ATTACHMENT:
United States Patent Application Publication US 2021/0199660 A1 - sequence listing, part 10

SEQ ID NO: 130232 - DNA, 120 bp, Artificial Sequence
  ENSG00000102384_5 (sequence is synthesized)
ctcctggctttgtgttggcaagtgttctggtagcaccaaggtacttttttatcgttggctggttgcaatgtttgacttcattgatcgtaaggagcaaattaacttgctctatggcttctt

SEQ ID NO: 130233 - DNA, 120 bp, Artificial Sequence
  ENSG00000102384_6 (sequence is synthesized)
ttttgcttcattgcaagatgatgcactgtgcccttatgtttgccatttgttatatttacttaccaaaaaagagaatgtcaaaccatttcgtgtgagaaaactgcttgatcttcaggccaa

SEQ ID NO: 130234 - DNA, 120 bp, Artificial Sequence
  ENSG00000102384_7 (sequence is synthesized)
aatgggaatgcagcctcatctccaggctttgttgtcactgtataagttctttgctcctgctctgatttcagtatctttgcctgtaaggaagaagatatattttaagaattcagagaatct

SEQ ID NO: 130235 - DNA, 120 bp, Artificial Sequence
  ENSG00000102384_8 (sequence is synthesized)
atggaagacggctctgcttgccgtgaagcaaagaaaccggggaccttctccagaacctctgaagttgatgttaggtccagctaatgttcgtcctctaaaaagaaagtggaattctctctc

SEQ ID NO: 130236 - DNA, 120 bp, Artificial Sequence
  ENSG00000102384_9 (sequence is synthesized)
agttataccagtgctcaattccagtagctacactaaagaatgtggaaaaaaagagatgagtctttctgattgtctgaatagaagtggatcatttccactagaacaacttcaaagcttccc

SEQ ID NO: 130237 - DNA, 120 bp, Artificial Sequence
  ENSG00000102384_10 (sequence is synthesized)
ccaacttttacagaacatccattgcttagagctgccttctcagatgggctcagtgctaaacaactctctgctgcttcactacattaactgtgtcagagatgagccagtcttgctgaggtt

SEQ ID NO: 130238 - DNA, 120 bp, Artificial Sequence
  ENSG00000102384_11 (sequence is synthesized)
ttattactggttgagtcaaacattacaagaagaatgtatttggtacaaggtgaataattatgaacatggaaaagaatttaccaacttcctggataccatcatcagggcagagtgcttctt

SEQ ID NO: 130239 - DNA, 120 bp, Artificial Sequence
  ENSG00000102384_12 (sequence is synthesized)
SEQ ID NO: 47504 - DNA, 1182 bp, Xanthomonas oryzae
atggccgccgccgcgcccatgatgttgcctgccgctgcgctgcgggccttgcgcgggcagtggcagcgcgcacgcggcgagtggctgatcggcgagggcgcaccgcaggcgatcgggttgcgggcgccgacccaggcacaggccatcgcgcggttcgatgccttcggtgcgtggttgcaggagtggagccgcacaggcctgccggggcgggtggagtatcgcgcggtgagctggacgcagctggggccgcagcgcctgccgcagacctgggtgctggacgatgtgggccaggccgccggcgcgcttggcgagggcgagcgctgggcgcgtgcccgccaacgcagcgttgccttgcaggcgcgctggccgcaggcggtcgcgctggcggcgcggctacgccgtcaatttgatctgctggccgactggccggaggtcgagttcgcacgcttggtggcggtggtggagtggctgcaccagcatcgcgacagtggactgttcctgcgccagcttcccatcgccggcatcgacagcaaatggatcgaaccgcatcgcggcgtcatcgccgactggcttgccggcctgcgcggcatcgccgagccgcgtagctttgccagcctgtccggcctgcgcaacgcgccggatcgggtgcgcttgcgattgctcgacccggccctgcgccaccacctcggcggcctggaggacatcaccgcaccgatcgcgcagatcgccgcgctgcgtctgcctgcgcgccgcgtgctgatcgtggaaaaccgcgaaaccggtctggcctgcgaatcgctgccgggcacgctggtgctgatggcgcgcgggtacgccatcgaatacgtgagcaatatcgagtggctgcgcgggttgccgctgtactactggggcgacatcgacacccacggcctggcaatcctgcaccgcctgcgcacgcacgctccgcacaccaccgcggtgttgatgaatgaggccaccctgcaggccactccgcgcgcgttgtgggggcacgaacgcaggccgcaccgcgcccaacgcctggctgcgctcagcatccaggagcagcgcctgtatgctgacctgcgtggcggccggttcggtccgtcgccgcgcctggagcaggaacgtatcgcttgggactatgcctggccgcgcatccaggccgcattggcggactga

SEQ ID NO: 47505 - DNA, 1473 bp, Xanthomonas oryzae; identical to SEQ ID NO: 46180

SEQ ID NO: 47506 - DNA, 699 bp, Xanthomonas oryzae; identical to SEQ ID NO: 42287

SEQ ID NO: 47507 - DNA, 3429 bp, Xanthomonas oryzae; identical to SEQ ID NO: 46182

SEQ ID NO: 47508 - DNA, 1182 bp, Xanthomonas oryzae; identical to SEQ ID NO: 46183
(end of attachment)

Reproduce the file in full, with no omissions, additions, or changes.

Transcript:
United States Patent Application Publication US 2021/0199660 A1 - sequence listing, part 10

SEQ ID NO: 130232 - DNA, 120 bp, Artificial Sequence
  ENSG00000102384_5 (sequence is synthesized)
ctcctggctttgtgttggcaagtgttctggtagcaccaaggtacttttttatcgttggctggttgcaatgtttgacttcattgatcgtaaggagcaaattaacttgctctatggcttctt

SEQ ID NO: 130233 - DNA, 120 bp, Artificial Sequence
  ENSG00000102384_6 (sequence is synthesized)
ttttgcttcattgcaagatgatgcactgtgcccttatgtttgccatttgttatatttacttaccaaaaaagagaatgtcaaaccatttcgtgtgagaaaactgcttgatcttcaggccaa

SEQ ID NO: 130234 - DNA, 120 bp, Artificial Sequence
  ENSG00000102384_7 (sequence is synthesized)
aatgggaatgcagcctcatctccaggctttgttgtcactgtataagttctttgctcctgctctgatttcagtatctttgcctgtaaggaagaagatatattttaagaattcagagaatct

SEQ ID NO: 130235 - DNA, 120 bp, Artificial Sequence
  ENSG00000102384_8 (sequence is synthesized)
atggaagacggctctgcttgccgtgaagcaaagaaaccggggaccttctccagaacctctgaagttgatgttaggtccagctaatgttcgtcctctaaaaagaaagtggaattctctctc

SEQ ID NO: 130236 - DNA, 120 bp, Artificial Sequence
  ENSG00000102384_9 (sequence is synthesized)
agttataccagtgctcaattccagtagctacactaaagaatgtggaaaaaaagagatgagtctttctgattgtctgaatagaagtggatcatttccactagaacaacttcaaagcttccc

SEQ ID NO: 130237 - DNA, 120 bp, Artificial Sequence
  ENSG00000102384_10 (sequence is synthesized)
ccaacttttacagaacatccattgcttagagctgccttctcagatgggctcagtgctaaacaactctctgctgcttcactacattaactgtgtcagagatgagccagtcttgctgaggtt

SEQ ID NO: 130238 - DNA, 120 bp, Artificial Sequence
  ENSG00000102384_11 (sequence is synthesized)
ttattactggttgagtcaaacattacaagaagaatgtatttggtacaaggtgaataattatgaacatggaaaagaatttaccaacttcctggataccatcatcagggcagagtgcttctt

SEQ ID NO: 130239 - DNA, 120 bp, Artificial Sequence
  ENSG00000102384_12 (sequence is synthesized)
SEQ ID NO: 47504 - DNA, 1182 bp, Xanthomonas oryzae
atggccgccgccgcgcccatgatgttgcctgccgctgcgctgcgggccttgcgcgggcagtggcagcgcgcacgcggcgagtggctgatcggcgagggcgcaccgcaggcgatcgggttgcgggcgccgacccaggcacaggccatcgcgcggttcgatgccttcggtgcgtggttgcaggagtggagccgcacaggcctgccggggcgggtggagtatcgcgcggtgagctggacgcagctggggccgcagcgcctgccgcagacctgggtgctggacgatgtgggccaggccgccggcgcgcttggcgagggcgagcgctgggcgcgtgcccgccaacgcagcgttgccttgcaggcgcgctggccgcaggcggtcgcgctggcggcgcggctacgccgtcaatttgatctgctggccgactggccggaggtcgagttcgcacgcttggtggcggtggtggagtggctgcaccagcatcgcgacagtggactgttcctgcgccagcttcccatcgccggcatcgacagcaaatggatcgaaccgcatcgcggcgtcatcgccgactggcttgccggcctgcgcggcatcgccgagccgcgtagctttgccagcctgtccggcctgcgcaacgcgccggatcgggtgcgcttgcgattgctcgacccggccctgcgccaccacctcggcggcctggaggacatcaccgcaccgatcgcgcagatcgccgcgctgcgtctgcctgcgcgccgcgtgctgatcgtggaaaaccgcgaaaccggtctggcctgcgaatcgctgccgggcacgctggtgctgatggcgcgcgggtacgccatcgaatacgtgagcaatatcgagtggctgcgcgggttgccgctgtactactggggcgacatcgacacccacggcctggcaatcctgcaccgcctgcgcacgcacgctccgcacaccaccgcggtgttgatgaatgaggccaccctgcaggccactccgcgcgcgttgtgggggcacgaacgcaggccgcaccgcgcccaacgcctggctgcgctcagcatccaggagcagcgcctgtatgctgacctgcgtggcggccggttcggtccgtcgccgcgcctggagcaggaacgtatcgcttgggactatgcctggccgcgcatccaggccgcattggcggactga

SEQ ID NO: 47505 - DNA, 1473 bp, Xanthomonas oryzae; identical to SEQ ID NO: 46180

SEQ ID NO: 47506 - DNA, 699 bp, Xanthomonas oryzae; identical to SEQ ID NO: 42287

SEQ ID NO: 47507 - DNA, 3429 bp, Xanthomonas oryzae; identical to SEQ ID NO: 46182

SEQ ID NO: 47508 - DNA, 1182 bp, Xanthomonas oryzae; identical to SEQ ID NO: 46183